Growing a fan-base in a diverse borough isn’t easy, but there are several ways it can be done. The Islanders will have to follow the Nets’ path, playing to a younger generation. When the Nets moved to Brooklyn, they were invading Knicks territory. The Nets plastered their all-star lineup all over city buses, created a swank look for sports apparel that fit in with Brooklyn’s hip-hop culture, and had artists Jay Z and Beyonce sporting the colors courtside to enhance the image.
Many of the Nets’ fans are black or Latino. Those basketball fans are the people the Islanders will be tasked with turning into hockey fans. Spreading their brand will help in achieving this goal.
In a short time, the team has taken steps to connect its brand to Brooklynites by unveiling a black-and-white uniform — the Nets colors — and placing advertisements around Barclays Center and other parts of the borough. In the Modell’s Sporting Goods store across the street from Barclays Center, Islanders merchandise is at the front of the store with the team’s original blue and orange gear next to the new black and white garb.
“The move so far has been 50/50,” said fan Vicdia Mone, 53, from Jamaica, Queens. “You know for me, they need to have a little more camaraderie.” Mone, who has been to five games so far this season, said the team and the media needs to talk about the Islanders being in Brooklyn now. “It’s actually a good move. The building as you know was not made for hockey, but they can do well here,” Mone said.
Mone said the Islanders came out with the new marketing scheme, new uniform, and “Brooklyn Pride” nights because of the Nets. “You see how the Nets sell, and they sell a lot. So I think they, the Islanders, will.”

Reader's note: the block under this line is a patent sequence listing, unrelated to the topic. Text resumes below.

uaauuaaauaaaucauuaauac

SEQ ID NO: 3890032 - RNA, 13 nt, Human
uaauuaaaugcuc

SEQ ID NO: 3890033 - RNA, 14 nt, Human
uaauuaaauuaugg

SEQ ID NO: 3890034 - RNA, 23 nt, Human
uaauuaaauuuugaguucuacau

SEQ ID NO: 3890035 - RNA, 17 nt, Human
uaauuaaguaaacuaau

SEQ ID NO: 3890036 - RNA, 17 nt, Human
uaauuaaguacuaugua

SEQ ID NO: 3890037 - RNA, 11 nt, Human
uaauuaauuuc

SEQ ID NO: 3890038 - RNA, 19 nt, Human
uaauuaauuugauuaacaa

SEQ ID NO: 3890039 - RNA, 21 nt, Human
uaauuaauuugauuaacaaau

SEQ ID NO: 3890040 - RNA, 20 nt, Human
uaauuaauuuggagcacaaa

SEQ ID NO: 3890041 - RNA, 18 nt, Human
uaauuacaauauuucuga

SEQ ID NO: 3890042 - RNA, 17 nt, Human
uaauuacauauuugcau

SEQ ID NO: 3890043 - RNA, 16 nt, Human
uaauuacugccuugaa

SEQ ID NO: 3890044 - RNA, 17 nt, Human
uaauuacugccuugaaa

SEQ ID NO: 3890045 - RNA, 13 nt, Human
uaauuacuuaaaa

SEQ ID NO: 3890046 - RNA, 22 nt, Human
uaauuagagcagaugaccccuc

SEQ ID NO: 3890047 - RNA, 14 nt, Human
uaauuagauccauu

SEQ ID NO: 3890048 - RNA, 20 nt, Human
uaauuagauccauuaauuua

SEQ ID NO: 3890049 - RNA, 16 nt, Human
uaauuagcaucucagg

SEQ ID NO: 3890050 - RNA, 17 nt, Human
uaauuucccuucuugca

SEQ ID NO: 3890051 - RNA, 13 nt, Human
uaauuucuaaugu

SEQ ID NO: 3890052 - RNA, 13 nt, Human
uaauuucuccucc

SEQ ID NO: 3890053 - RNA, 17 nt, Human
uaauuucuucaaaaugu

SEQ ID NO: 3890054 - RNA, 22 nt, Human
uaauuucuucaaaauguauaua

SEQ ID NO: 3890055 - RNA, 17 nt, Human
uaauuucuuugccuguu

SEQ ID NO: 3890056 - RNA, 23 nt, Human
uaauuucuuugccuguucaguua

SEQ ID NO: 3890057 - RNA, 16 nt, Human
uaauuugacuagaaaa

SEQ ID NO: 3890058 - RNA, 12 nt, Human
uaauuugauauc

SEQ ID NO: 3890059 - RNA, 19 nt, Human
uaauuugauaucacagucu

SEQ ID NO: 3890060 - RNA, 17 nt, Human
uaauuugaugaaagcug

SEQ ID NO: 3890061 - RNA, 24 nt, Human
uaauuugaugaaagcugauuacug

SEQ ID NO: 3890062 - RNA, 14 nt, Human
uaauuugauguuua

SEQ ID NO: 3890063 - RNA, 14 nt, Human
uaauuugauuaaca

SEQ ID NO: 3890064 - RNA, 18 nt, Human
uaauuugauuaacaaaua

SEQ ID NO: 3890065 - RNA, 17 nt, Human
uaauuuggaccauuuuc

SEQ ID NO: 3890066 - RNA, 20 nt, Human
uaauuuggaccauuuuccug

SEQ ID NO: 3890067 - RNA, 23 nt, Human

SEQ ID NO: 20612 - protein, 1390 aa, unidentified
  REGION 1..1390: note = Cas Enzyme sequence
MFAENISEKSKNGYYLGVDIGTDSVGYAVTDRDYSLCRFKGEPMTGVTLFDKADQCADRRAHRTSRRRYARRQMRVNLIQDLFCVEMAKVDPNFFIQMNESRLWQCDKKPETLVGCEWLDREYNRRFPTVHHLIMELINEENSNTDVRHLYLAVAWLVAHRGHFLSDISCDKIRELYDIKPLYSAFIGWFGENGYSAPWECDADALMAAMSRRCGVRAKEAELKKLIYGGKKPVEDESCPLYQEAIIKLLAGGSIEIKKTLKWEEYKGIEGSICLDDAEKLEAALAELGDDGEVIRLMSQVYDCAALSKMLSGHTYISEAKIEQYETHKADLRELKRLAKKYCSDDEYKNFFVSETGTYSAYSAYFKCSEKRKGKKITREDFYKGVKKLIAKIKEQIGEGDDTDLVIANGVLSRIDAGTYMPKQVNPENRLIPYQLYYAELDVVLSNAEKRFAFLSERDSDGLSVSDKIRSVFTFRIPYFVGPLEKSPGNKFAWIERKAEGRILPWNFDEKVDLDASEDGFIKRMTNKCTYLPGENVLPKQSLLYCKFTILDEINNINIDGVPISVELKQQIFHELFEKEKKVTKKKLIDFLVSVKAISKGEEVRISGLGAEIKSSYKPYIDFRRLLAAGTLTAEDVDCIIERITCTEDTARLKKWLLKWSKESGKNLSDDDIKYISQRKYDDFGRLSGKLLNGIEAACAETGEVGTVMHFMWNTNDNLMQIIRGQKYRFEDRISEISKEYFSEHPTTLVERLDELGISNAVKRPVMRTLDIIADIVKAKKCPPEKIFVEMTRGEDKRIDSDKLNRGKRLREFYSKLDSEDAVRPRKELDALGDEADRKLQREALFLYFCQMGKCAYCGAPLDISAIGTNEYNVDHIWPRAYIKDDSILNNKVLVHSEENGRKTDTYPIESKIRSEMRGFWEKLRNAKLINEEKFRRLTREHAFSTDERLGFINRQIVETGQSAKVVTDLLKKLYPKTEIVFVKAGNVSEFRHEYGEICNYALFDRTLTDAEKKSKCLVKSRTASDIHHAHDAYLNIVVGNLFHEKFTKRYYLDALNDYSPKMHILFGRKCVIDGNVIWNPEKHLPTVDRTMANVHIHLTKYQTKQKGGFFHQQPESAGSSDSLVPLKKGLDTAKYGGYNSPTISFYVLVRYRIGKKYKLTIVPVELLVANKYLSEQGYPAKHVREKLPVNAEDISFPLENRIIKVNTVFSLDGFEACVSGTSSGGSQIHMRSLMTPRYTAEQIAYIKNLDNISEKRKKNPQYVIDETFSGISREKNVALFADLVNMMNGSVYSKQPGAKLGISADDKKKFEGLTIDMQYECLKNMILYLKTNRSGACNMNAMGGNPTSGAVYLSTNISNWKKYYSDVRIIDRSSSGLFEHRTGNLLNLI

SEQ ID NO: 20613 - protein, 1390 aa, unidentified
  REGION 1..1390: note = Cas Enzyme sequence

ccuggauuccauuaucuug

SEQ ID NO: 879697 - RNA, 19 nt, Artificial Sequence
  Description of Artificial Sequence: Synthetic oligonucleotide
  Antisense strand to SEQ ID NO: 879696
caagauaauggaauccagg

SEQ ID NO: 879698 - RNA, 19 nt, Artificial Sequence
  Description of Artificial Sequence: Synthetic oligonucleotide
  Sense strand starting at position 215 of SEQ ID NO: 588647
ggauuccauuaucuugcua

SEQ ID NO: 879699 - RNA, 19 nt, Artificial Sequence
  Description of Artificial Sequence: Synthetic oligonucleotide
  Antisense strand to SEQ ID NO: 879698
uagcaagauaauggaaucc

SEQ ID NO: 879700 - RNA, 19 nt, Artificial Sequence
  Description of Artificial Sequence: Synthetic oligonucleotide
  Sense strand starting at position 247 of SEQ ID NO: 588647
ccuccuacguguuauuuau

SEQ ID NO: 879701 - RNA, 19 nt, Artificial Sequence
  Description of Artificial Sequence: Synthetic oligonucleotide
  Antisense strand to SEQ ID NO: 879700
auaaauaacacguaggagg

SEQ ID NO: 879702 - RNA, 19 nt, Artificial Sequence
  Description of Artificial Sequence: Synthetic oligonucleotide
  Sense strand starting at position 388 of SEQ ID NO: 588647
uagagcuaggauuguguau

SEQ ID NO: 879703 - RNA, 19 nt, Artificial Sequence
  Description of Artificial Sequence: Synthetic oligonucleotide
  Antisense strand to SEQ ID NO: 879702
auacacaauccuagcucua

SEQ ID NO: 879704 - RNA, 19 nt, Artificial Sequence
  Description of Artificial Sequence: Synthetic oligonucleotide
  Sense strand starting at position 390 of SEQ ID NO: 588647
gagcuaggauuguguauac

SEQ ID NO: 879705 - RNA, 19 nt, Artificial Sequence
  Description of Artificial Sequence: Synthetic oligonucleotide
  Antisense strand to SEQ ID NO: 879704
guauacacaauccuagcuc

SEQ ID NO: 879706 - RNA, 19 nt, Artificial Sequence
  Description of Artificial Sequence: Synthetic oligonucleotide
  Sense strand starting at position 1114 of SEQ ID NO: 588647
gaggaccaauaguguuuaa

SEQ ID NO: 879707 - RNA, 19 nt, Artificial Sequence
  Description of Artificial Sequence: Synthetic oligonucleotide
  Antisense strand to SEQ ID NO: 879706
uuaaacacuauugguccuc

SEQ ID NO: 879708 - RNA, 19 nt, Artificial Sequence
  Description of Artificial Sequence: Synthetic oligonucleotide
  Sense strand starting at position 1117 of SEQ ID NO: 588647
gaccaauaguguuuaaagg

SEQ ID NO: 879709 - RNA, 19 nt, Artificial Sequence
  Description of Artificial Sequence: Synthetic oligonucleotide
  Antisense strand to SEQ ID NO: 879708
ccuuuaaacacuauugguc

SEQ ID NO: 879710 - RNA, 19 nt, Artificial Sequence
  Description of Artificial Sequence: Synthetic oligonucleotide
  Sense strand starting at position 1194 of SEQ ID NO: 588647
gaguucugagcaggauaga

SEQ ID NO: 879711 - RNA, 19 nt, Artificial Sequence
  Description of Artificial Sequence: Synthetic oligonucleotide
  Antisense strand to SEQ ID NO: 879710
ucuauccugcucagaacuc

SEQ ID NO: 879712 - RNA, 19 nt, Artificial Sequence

Mone, who is African American, added the team doesn’t seem to be catching on with other black fans. “Nah, I don’t see it. But they can promote it,” he said. “Brooklyn is the fourth largest city in the country.” He suggested putting ice rinks in the neighborhoods to increase interest in the sport.
“The task is to really make the team a part of the community,” said Igel, the NYU sports management expert. “It sounds simple, but it’s not easy to do.” Igel said that for the team to start drawing new fans from Brooklyn, it needs to get the marketing and ticket sales department revved up. “It’s a long term proposition. The transition won’t happen overnight,” Igel said. As for the tradition and the brand that the Islanders bring, Igel says it will be up to a Brooklynites to pick it up and run with it.
“It’s a simple concept that is not easy to pull off in practice,” Igel added. “The borough has to know that the team and franchise care.” Igel said hockey is a great sport, and that for Brooklynites, the interest will hopefully grow more as time passes.
“People will still turn out to see great athletes over time,” Igel said when asked if different cultures would come out even though hockey players are predominantly white.
The Islanders declined to comment.
Brooklyn Heights resident and Islanders fan blogger Joseph Buono says that if he had to grade the move so far, he would give it in an incomplete. “It has been frustrating that with three years to prepare, Barclays Center management missed on so many obvious things that would have catered to the die-hard Islanders fans that have had their game day experience turned upside down,” Buono said. He believes there has been too much focus on creating a new fan base instead of keeping the fans who have attended games for years in Nassau County. “Like all sports teams, new fans will be created when exposed to hockey, and if the team is a winner. It will undoubtedly take time, but I expected them to be more ahead of the curve than they are.”
Buono is very critical of new marketing tactics the Islanders and Barclays Center have incorporated. He acknowledged the black-and-white jersey has sold well, but he added that the colors are a complete fabrication dreamed up by Jay Z and Nets and Brett Yormark when the Nets moved to Brooklyn in 2012.” Yormark is the chief executive officer of the Nets and Barclays Center.
“Hockey fans are not casual fans,” Buono said. “No one in Brooklyn is going to buy season tickets because of team colors. They need to focus on exposing new fans to the sport and the rest will take care of itself.”
Photos by Robert Taub.